When it comes to inflation, prices for cars, food and other everyday goods are still rising, straining pocketbooks for households nationwide. The Fed has maintained that such high inflation is a temporary feature of the economic recovery and is largely tied to supply chains that need more time to clear.

But at Tuesday’s hearing, Powell said inflation is both broader and more structural than it appeared earlier in the year. He said the bottlenecks “have not only not gotten better, they’ve actually gotten worse,” pointing to traffic at the Port of Los Angeles.

A shortage of workers continues to weigh on some sectors, especially restaurants and other jobs with a lot of person-to-person contact, even though Fed officials and other economists previously said they expected the recovery would speed up this fall, with kids back in school and the expiration of enhanced federal unemployment benefits drawing more workers to the labor force. But rising coronavirus cases drastically slowed job growth in August, with the retail and restaurant sectors shedding workers. Fears of the virus also shook consumer confidence.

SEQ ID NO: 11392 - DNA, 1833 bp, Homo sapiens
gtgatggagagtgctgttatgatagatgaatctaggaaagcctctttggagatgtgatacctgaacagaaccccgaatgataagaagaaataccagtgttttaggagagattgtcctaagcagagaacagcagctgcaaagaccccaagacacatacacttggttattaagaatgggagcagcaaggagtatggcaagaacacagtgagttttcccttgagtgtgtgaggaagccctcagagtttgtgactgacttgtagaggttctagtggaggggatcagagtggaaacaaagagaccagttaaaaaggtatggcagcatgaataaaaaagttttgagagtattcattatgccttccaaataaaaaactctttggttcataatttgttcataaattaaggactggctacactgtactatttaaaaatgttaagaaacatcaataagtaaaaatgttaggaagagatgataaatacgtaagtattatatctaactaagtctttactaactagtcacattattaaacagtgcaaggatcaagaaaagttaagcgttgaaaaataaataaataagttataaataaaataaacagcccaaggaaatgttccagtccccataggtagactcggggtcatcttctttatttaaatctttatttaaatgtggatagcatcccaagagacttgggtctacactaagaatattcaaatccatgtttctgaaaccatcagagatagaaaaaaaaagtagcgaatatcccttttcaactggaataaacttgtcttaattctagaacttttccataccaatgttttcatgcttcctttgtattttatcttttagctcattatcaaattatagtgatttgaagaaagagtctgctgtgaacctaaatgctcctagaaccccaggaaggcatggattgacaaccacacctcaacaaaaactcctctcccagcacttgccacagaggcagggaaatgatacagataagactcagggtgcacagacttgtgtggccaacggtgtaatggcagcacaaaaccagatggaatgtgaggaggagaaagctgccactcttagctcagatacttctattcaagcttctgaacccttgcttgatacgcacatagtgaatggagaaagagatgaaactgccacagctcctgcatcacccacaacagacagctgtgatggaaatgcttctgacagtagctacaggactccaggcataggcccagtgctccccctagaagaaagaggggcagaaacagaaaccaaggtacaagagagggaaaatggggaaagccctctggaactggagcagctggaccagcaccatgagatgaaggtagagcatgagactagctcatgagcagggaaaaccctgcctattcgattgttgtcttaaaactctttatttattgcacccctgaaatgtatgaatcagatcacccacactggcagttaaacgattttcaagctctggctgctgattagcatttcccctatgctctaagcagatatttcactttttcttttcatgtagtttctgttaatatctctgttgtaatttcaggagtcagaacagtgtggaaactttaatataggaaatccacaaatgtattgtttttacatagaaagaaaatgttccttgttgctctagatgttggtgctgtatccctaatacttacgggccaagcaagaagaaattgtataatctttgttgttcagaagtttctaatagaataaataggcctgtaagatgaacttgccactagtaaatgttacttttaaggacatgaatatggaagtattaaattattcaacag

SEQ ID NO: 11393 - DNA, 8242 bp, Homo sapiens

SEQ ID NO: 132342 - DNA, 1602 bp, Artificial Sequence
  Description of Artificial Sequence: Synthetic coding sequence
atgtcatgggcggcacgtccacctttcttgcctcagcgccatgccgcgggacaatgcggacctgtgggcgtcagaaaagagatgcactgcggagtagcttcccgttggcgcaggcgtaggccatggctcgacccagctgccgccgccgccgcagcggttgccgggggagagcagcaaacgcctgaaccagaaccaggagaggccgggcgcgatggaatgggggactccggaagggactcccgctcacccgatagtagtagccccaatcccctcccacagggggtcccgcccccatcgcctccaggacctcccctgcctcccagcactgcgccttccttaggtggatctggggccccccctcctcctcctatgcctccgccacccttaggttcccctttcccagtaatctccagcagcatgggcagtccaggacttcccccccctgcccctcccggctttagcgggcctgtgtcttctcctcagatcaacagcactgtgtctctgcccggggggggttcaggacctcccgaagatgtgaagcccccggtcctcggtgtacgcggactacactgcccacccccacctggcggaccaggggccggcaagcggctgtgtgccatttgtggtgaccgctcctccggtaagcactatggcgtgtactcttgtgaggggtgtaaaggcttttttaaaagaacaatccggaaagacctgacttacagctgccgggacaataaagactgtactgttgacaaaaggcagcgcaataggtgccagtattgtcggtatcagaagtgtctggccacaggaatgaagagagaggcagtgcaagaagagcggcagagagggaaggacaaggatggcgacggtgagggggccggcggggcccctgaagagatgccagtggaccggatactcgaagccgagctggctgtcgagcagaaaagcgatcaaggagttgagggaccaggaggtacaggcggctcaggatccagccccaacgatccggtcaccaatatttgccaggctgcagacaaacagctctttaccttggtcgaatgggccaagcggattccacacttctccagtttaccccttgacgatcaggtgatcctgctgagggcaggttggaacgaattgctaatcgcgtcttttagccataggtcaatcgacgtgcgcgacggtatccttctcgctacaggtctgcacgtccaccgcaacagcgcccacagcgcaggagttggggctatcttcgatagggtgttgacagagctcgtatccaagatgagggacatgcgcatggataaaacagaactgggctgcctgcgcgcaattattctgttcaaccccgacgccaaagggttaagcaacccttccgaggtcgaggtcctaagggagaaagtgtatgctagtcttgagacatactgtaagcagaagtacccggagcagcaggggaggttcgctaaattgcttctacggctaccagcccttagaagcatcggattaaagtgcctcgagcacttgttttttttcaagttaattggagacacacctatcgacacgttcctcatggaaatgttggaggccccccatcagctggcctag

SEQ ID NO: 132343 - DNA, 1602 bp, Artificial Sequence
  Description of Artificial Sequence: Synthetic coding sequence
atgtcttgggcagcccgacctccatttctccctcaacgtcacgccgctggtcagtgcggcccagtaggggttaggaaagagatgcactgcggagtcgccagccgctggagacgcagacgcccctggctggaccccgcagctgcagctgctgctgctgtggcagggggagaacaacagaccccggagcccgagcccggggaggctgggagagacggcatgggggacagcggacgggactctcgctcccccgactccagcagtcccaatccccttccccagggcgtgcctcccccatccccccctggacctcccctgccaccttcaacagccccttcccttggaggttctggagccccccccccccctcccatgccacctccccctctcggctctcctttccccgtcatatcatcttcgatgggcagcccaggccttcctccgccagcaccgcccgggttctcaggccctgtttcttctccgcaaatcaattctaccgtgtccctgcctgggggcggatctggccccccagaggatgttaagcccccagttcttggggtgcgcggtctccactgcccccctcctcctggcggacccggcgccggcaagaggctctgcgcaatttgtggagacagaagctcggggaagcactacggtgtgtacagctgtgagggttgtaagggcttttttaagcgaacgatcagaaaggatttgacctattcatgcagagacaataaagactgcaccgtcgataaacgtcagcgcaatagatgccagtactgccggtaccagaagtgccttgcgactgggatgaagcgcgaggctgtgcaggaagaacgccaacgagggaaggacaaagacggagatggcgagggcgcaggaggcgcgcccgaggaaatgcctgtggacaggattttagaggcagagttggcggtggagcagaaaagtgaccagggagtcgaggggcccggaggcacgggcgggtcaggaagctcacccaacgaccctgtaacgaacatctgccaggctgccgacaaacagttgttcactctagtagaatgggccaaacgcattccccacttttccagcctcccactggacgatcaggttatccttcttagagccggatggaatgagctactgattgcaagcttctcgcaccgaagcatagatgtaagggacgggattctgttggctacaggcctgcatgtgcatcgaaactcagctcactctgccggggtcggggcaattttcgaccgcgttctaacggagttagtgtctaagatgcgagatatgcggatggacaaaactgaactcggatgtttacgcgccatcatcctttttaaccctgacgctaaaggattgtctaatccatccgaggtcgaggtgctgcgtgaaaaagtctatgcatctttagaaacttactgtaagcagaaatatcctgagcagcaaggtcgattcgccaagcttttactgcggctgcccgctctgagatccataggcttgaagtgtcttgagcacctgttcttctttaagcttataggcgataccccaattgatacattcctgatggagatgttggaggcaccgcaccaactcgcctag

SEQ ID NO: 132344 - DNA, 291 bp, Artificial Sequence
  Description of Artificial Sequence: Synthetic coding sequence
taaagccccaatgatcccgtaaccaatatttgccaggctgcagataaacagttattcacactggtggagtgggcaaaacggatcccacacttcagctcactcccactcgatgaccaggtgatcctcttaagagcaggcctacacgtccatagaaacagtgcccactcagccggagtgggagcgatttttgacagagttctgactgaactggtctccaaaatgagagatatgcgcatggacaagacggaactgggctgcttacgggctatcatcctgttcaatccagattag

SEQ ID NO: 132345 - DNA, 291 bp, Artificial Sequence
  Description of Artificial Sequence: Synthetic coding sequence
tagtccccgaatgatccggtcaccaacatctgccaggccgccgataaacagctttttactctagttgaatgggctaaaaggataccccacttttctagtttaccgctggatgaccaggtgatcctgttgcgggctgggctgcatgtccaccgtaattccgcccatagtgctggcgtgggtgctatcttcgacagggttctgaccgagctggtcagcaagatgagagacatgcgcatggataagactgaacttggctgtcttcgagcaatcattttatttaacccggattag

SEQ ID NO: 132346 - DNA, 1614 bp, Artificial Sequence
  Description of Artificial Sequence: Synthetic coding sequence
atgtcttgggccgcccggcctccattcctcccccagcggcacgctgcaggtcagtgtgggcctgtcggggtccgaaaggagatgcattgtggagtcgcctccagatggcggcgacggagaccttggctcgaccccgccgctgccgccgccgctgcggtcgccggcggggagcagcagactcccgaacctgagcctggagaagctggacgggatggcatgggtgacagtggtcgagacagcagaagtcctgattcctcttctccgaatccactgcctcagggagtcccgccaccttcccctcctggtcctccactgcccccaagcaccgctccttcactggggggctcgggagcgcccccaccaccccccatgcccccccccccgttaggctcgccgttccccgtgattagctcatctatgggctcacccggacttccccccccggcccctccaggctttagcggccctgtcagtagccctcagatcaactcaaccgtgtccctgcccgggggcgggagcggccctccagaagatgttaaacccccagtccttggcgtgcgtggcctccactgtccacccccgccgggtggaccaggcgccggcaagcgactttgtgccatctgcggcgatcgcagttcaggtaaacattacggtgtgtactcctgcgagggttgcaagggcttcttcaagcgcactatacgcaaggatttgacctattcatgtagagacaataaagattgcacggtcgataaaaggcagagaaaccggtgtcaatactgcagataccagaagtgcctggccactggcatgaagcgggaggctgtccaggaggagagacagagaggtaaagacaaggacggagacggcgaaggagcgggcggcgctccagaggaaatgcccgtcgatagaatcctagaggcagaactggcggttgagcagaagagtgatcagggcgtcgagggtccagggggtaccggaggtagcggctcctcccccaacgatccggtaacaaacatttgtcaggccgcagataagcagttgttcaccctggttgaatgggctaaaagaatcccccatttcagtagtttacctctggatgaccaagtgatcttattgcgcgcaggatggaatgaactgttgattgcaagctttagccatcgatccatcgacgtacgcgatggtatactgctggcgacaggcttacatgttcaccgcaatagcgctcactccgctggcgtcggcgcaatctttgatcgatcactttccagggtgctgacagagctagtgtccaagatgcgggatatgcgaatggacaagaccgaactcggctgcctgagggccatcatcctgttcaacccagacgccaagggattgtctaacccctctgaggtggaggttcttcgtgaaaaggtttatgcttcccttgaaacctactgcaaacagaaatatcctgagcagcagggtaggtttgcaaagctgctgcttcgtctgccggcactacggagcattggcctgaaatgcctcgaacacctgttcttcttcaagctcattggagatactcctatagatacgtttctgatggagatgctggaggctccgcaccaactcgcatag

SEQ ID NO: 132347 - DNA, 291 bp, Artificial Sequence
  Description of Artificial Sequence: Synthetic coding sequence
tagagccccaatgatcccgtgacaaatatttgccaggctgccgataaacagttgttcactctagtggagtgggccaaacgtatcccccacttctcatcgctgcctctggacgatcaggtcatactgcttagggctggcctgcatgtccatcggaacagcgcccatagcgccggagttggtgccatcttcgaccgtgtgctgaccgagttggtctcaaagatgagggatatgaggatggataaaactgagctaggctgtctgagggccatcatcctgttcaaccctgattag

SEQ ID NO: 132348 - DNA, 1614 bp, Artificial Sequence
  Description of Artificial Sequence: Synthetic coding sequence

At their September policy meeting, Fed leaders tempered their expectations for the unemployment rate, projecting it to fall to 4.8% by the end of 2021, compared with a previous estimate of 4.5%. Officials also lowered estimates for the economy’s overall growth, projecting it at 5.9% by the end of the year, following a June forecast of 7%.

“What happened was, delta happened,” Powell said last week.

Many Fed officials say prices won’t fall significantly until supply chains clear up. Lael Brainard, a Fed governor, pointed in a Monday speech to builders who can’t get enough construction materials and to North American auto production, which was paused by shutdowns in Malaysia and Vietnam.


“One clear lesson is that we need to be humble about our ability to correctly anticipate future economic conditions given the unpredictability of the virus,” Brainard said. “We had expected a smooth rotation from goods spending to services spending during a complete reopening this fall, but delta has slowed this process.”

That reality contrasts with the way Fed leaders described their impressions of the delta variant in the summer. In his August speech in Jackson Hole, Wyo., Powell said that “while the delta variant presents a near-term risk, the prospects are good for continued progress toward maximum employment.”